Let’s start with the word dogma – Dogma: a principle or set of principles laid down by an authority as incontrovertibly true. For me, it’s hard to take anything as an absolute truth, especially coming from a national soccer federation. I view player development as, one shoe doesn’t fit all, with no clear proven pathway that is guaranteed to produce the next Messi. That being said, I do think that certain training environments improve players. The soccer world is full are all kinds of scientific studies, player development data, training methodologies, licensing programs and much more. As I have mentioned in prior articles, the methodology of tactical periodization makes sense, is well thought out, is widely used around the world, but it is not the only way, or necessarily the best way to train. Tactical periodization was developed in a professors head, it’s great, but it is just one person’s opinion on training. Coaches may enjoy planning out color-coded periodization, illustrating diagrams and working on game model training, but don’t be fooled, none of that matters. How can I say that? Simple. The only thing that matters is what the players experience on the field, and did that experience get them better.
I was watching a couple sessions from the Chicago Fire, Columbus Crew and Toronto FC Academy a few months ago, and it struck me how important each clubs principles of play were to the coaches. In fact one coach thought he was going to fired, because he didn’t relate his session to the clubs principles of play. The clubs treated their principles of play like the holy grail, with each club having their own customized principles of play, one club listed like 12 principles of play for the attack alone! The first thing that came to my mind was, “who cares”. I don’t say that to be arrogant and dismissive, but when I am playing in a game, I can’t name principles of play, nor would I want to. The reality is that top players enter a state of flow when playing, their subconscious mind chunks information together at super-fast speeds, bypassing the conscious mind, this doesn’t come automatically, it is developed over time. These top players have more solutions available to them, and can carry-out these solutions with high-level technique, at speed. I guarantee players are not thinking about their clubs principles of play during a game. I feel mandating the principles of play relate to every training session, is more for the coach and club than the players. If I am coaching a possession oriented style of play, and want the team to work on breaking down a team that sits in a low-block with penetrating balls, maybe I make the rule/constraint that every pass must be below knee height. Now the players have to work the ball, create good supporting angles, look for spaces to penetrate with quality movement and balls to feet. The players do not need to be aware of any principle of play, all they need to do is try to be successful in the environment that was created. Once the players are in that environment for a while, change it, maybe 11v8 with 10 seconds to score in the attacking 1/3, as the defense plays to 4 counter goals at half field. This new environment forces players to look for different passes, that they normally wouldn’t hit in the previous environment. Each environment is important for development, and each improves the game model, without the players even being aware of the principles of play in the exercises. Of course, using video and diagrams in team meetings, can be used to go over the tactical game model, but that is separate from the training ground. It is also another discussion of how information is processed by players, because video and diagrams are not through the same lens, compared to the actual field view of players.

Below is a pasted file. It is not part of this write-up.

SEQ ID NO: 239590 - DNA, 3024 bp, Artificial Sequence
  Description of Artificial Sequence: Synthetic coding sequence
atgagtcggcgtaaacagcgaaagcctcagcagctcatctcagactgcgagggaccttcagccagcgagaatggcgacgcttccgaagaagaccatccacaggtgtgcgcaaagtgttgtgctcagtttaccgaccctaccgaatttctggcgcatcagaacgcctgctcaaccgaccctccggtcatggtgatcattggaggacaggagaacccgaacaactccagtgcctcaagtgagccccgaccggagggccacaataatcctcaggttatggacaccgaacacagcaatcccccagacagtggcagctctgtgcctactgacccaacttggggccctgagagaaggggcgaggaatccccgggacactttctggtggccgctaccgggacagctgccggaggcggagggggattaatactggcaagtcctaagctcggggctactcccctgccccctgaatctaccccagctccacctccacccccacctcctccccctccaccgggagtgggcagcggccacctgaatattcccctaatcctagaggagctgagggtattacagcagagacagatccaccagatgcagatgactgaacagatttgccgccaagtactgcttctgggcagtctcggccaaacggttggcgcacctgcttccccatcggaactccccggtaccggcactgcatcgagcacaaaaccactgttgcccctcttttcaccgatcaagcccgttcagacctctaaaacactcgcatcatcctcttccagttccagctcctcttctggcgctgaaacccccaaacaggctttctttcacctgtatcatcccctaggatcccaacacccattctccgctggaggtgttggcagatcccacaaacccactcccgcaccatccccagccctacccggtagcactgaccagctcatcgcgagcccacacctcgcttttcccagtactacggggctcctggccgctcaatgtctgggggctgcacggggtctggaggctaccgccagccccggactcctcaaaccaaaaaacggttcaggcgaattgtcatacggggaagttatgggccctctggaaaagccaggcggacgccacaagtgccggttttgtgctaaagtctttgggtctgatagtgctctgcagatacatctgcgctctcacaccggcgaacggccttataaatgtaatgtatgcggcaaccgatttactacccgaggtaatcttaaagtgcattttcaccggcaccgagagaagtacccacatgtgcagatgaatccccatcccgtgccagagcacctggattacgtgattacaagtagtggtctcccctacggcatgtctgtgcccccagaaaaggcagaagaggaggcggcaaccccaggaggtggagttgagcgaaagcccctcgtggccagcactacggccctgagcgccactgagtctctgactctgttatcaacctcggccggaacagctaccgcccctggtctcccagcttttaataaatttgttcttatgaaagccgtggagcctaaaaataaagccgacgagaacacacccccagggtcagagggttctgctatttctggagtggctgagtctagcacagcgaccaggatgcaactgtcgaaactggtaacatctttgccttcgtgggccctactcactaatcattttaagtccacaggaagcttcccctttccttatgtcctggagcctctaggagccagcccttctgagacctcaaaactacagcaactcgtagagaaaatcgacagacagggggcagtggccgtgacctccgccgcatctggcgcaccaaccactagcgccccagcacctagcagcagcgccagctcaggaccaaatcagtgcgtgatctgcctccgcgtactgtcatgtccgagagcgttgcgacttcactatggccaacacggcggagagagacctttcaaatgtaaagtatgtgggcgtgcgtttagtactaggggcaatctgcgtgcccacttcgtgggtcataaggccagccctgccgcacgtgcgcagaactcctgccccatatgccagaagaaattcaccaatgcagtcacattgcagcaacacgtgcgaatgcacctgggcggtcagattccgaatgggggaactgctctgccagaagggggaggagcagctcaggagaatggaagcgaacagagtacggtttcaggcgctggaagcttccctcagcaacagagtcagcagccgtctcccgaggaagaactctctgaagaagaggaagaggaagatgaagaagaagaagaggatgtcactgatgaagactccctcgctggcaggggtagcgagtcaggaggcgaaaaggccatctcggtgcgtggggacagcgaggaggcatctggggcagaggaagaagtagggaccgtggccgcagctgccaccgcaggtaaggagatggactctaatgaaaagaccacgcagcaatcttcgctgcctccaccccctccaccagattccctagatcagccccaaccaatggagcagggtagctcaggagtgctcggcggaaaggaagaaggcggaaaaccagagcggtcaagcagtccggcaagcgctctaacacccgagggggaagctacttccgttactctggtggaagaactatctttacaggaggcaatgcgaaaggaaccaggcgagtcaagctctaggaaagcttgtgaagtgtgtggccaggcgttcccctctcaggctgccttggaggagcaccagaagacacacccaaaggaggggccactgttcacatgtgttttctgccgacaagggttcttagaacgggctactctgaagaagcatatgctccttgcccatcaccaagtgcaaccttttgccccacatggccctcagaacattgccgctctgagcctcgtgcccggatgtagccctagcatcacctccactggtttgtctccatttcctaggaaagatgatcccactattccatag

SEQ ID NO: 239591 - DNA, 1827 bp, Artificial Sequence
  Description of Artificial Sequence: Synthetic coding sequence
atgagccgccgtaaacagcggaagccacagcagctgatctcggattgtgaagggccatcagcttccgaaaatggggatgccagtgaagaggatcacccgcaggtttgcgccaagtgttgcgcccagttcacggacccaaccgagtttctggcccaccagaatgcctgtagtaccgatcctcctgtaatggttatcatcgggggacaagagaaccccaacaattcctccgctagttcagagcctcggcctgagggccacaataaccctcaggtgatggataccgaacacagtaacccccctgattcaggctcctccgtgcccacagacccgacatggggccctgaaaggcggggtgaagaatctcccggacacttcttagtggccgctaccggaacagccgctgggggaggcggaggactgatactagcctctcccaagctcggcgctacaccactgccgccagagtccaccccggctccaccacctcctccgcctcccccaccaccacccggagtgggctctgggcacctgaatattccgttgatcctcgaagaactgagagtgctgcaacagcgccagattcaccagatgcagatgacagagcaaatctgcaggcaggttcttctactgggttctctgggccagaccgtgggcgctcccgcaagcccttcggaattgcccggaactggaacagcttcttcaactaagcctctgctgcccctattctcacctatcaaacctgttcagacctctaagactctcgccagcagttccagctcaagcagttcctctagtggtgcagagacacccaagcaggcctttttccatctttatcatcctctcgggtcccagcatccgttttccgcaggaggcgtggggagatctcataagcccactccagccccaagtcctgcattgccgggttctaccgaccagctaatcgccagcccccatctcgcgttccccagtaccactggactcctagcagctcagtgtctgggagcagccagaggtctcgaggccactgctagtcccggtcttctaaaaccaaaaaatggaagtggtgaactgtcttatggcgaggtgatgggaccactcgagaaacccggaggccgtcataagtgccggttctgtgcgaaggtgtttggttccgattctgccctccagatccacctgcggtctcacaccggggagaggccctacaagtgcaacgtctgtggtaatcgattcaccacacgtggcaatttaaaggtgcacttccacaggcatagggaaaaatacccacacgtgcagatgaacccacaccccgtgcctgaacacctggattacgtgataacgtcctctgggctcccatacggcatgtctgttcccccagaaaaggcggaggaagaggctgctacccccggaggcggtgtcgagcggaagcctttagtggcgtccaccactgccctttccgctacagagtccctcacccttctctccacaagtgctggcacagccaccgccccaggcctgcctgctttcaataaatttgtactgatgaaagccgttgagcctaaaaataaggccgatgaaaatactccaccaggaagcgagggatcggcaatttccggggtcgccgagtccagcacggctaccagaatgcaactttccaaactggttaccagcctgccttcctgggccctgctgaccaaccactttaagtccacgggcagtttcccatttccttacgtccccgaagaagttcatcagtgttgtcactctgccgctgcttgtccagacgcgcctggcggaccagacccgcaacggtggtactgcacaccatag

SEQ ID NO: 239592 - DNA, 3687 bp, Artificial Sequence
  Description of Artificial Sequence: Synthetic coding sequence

My point is not to say I am right, and don’t use principles of play or tactical periodization, my point is to keep an open mind when coaching. In my opinion the most important part of any training is what the player experiences, not how the coach feels, or what diagrams and color coded stuff is on the coaches clip board.